Natural and Sustainable Swimming Pool Q+A With Daniel Whiting

Daniel Whiting, owner and operator of Next Generation Natural Pools shared three recent natural swimming pool projects, as well as facts about his eco-friendly business and how natural pool installations compare with traditional swimming pools.

Q: What is a natural swimming pool?

A: Natural swimming pools use a bio-mechanical filtration system designed to create an organic, healthy, and sustainable swimming environment. Using permaculture methods, natural pools use only organic processes and bio-filters to give you clear, pure, safe, chlorine-free, and chemical-free water — leaving less waste, and less harm to your health and the environment.

Q: How does it work?

A: There are two distinct parts to a natural swimming pool: the swimming area and the regeneration zone. In the regeneration zone, water is pumped through the bio-filter, where our unique filter media and friendly bacteria work together to remove organic nutrients from the water. This prevents algae and nasty bacteria from being able to grow by starving them of the essential nutrients they require. The regeneration zone can be totally separate from the swimming area, if you want to have it look like a traditional pool. Or you can blend it into the design, like we show in these pictures. It all depends on what the client wants. If they want an “Edgartown-looking” pool and don’t want to look at the plantings, we can organize that.

The swimming zone provides a unique design that blends with the natural environment. The same goals can be accomplished with a concrete-based pool as with a liner, depending on the design and building conditions.

Q: Talk about the role of the natural plantings that surround each site.

A: The plants that are inside the pool are part of the filtration. With a natural pool, as I mentioned, there’s a swimming zone and a regeneration zone. They are one body of water, but they are separated. The circulation system is engineered to filter the water by drawing it through the plants and the bio-filter, maximizing the nitrification process [the process by which bacteria in soil and water form nitrates, which can be easily absorbed by the roots of green plants — an important step in the nitrogen cycle.

Q: What are the benefits that come with natural swimming pools?

A: Natural swimming pools are a lot more environmentally friendly than traditional swimming pools. It’s not carbon-bombing with chemicals. It’s a bio-mechanical filtration system that — when designed correctly — can provide clean, safe, clear swimming water without chemicals. It’s good for people, and good for the environment in general.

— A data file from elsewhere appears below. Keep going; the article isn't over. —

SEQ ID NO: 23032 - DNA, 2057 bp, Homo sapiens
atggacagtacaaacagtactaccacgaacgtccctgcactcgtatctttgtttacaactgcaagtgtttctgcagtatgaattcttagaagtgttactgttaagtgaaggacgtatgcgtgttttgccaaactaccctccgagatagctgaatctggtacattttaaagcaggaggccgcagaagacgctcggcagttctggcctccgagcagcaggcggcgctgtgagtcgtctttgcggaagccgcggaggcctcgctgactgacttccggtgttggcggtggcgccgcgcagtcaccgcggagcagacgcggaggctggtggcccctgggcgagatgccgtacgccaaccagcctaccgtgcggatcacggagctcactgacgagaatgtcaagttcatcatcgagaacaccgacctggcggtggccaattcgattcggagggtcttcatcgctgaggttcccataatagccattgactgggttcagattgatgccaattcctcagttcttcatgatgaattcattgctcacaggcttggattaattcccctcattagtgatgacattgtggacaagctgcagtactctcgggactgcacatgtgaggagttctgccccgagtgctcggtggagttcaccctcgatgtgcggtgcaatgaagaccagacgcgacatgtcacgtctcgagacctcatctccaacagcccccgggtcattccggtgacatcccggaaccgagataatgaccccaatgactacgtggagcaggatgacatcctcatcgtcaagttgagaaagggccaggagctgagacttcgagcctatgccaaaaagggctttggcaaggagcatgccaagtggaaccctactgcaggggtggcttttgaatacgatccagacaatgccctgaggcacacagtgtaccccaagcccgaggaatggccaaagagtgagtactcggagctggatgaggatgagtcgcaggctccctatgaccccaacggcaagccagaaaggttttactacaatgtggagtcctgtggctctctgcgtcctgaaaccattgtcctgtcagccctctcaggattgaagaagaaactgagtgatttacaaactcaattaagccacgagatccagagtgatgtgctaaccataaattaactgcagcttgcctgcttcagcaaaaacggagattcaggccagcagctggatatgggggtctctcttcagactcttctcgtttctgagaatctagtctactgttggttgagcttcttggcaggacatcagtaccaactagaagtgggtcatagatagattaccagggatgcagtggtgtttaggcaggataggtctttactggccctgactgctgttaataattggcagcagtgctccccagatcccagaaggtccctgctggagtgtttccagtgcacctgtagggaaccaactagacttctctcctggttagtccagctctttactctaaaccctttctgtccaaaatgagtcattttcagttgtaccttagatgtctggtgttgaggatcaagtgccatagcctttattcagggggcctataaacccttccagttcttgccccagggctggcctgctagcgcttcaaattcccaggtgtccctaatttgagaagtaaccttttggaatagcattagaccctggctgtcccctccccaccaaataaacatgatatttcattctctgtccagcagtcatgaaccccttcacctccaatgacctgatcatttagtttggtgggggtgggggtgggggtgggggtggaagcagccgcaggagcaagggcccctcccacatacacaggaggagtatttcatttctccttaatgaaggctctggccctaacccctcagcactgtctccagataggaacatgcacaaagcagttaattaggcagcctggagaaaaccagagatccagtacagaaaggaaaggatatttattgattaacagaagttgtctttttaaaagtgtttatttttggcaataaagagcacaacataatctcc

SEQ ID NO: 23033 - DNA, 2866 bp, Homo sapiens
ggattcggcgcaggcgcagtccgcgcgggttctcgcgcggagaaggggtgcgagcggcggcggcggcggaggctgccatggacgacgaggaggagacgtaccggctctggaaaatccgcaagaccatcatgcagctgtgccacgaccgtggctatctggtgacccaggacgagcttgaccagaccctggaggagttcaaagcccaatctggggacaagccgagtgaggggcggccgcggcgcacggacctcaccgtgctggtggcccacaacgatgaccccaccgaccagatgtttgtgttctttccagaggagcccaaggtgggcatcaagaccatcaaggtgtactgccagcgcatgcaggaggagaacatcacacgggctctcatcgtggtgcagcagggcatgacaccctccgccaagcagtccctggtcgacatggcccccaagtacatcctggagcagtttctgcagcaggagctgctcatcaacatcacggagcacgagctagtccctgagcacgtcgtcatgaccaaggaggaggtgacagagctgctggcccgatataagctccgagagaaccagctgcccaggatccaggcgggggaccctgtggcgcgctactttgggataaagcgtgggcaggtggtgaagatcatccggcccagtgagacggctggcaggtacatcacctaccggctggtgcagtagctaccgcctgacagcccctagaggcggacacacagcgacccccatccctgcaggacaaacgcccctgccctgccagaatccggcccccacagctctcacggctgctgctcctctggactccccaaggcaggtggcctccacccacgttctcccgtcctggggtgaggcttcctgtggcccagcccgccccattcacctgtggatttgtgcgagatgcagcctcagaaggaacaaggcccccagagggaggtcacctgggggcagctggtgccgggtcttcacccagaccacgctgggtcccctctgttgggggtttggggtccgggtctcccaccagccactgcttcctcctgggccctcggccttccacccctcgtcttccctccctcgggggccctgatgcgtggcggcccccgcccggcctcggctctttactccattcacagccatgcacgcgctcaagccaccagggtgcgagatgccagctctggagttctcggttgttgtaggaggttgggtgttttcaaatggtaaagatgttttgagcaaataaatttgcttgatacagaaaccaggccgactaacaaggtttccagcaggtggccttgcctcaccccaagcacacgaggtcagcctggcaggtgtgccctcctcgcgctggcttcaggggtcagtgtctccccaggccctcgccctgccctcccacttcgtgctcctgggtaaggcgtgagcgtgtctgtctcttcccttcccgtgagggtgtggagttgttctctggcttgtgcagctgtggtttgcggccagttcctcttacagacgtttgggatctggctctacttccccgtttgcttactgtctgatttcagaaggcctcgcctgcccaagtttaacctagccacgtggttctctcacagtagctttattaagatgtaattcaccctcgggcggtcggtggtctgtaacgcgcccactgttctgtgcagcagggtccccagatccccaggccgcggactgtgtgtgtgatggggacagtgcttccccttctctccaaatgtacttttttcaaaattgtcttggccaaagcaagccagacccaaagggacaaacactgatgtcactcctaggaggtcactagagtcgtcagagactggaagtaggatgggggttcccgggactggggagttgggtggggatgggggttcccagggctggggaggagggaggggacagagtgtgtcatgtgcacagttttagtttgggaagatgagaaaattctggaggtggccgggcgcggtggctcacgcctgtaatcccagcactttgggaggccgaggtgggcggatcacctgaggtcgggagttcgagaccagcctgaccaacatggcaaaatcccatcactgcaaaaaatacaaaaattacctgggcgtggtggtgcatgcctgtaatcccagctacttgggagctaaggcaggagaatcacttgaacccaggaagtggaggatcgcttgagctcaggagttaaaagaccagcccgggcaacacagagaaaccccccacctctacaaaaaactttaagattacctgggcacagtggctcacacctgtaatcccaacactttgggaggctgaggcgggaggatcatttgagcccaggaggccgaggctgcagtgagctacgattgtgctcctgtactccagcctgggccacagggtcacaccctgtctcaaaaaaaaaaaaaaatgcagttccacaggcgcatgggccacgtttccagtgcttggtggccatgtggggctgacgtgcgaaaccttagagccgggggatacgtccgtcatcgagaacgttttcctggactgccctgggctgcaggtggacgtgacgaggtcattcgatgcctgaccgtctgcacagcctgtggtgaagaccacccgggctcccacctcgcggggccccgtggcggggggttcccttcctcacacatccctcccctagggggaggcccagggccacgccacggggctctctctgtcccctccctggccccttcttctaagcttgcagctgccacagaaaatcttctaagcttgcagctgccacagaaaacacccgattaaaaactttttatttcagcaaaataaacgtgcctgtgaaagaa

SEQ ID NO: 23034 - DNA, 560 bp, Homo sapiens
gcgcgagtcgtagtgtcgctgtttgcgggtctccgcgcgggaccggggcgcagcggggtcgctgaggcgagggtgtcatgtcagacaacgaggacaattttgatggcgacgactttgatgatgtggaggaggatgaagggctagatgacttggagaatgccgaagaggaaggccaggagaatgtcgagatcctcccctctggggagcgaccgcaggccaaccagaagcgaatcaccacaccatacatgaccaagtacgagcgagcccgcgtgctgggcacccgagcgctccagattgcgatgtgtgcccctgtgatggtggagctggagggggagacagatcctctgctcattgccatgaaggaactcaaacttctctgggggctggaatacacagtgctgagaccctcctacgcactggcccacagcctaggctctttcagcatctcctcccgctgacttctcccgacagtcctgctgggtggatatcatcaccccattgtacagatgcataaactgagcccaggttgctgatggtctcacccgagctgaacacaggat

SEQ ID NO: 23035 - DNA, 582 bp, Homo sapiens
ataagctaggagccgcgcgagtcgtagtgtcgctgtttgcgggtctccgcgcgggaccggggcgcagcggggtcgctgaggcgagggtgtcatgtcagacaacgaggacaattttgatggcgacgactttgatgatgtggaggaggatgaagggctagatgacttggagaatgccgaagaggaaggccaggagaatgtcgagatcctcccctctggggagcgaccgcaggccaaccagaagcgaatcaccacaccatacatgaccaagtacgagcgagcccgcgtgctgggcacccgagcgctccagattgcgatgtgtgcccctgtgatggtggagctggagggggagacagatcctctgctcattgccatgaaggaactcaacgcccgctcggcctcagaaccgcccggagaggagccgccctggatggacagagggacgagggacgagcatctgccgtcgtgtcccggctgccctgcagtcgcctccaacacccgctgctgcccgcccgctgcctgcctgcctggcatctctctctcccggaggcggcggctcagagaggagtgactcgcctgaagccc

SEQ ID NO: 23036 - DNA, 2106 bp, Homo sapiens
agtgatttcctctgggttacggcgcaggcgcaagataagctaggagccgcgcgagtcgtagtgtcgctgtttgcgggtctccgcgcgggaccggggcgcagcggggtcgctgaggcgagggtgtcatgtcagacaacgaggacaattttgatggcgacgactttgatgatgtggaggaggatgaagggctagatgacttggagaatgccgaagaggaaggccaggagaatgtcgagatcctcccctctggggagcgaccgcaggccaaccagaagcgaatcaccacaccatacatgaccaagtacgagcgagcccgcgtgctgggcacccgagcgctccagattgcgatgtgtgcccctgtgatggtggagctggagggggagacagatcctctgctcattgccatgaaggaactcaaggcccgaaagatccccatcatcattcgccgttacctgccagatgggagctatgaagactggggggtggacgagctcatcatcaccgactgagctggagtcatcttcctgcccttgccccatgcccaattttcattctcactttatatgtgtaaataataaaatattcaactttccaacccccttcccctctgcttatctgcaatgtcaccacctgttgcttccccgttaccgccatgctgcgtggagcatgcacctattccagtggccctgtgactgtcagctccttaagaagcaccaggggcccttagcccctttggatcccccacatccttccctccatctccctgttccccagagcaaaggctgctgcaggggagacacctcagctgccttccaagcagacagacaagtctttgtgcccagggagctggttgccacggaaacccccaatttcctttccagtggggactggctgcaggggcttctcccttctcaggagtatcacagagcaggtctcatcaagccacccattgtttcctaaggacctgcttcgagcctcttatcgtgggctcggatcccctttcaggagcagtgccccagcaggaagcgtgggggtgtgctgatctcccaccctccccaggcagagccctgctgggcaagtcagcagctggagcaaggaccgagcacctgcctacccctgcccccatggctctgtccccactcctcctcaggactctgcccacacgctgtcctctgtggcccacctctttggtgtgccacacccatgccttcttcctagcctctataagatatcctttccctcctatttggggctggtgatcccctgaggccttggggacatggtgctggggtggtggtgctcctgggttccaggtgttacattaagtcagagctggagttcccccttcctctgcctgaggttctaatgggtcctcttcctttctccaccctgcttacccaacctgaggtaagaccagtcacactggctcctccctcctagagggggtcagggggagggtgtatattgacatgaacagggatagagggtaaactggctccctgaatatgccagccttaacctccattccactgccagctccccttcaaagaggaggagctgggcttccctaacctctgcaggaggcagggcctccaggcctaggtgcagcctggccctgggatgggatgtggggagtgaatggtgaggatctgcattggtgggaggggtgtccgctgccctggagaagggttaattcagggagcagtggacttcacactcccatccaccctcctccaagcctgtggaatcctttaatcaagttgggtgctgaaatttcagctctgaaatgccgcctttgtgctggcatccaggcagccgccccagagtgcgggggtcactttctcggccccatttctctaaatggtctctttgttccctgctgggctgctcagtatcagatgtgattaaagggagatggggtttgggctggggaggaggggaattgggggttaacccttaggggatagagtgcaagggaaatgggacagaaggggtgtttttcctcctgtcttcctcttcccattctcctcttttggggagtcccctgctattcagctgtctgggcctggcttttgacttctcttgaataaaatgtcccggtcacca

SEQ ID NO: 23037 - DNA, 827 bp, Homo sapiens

Q: Are natural swimming pools becoming popular?

A: They’ve been popular in Europe for the past 20 years, but only started gaining popularity in the states about 10 years ago.

The challenge here is education. I think people’s perception is they just think it’s going to be an algae-ridden, mucky mess. But when you see one in person, you realize it’s not like that at all. The perception is changing, but there need to be more natural pools out there, so people don’t assume it’s going to be a mess.

Q: What’s considered when choosing where to set the pool?

A: Placement-wise, you want to consider runoff, especially if there are fertilizers in the ground. Soil conditions will dictate how you decide to contain the pool’s water. You can use concrete, or a liner, or a combination of the two, depending on how the soil can handle the structure. But other than that, choosing where the pool goes is really just about what feels natural in the environment.

Q: Explain the role of runoff.

A: Runoff is the same thing that happens at Sengekontacket. If there’s excess nutrients that get washed into a contained body of water, it’ll unbalance the system. It’s a balancing act with the system. If there’s too many nutrients, the algae will thrive. Any kind of runoff from fertilizers is a concern.

Q: How long does it take to install a natural pool?

A: Generally, you would try to get the shell in the ground in the winter before it freezes. Then, we come back in the spring to get it all going. The time it takes varies. I think the process is pretty similar to chlorine pools.

Q: On average, how many natural swimming pools do you install in a year?

A: One per year.

Q: How much does it cost?

A: It’s similar to solar. There’s a higher upcost, but over time, because they’re pretty much self-maintaining, after three years, it’ll even itself out.

Q: What are common challenges?

A: You’re creating a controlled ecosystem, and you’re maximizing the nitrification process. You’re putting in all these things to your advantage so you can hydroclean the water using nature’s processes. You’re engineering the pool to work like a machine, even though it’s all natural. The technical design is what I’d say is most challenging.

Q: What materials are used?

A: There are plants. Different aggregates for plants to live in. And then we bring in a lot of different stones and rocks to naturalize the design. We use local stones when we can, but a lot of the big stones you see around here come from off-Island.

Q: Is anyone else doing natural pool installations?

A: There are other companies that come here to do them as they’re becoming more popular, but I’m the only local source.

For more information on Next Generation Natural Pools, visit nextgenerationnaturalpools.com.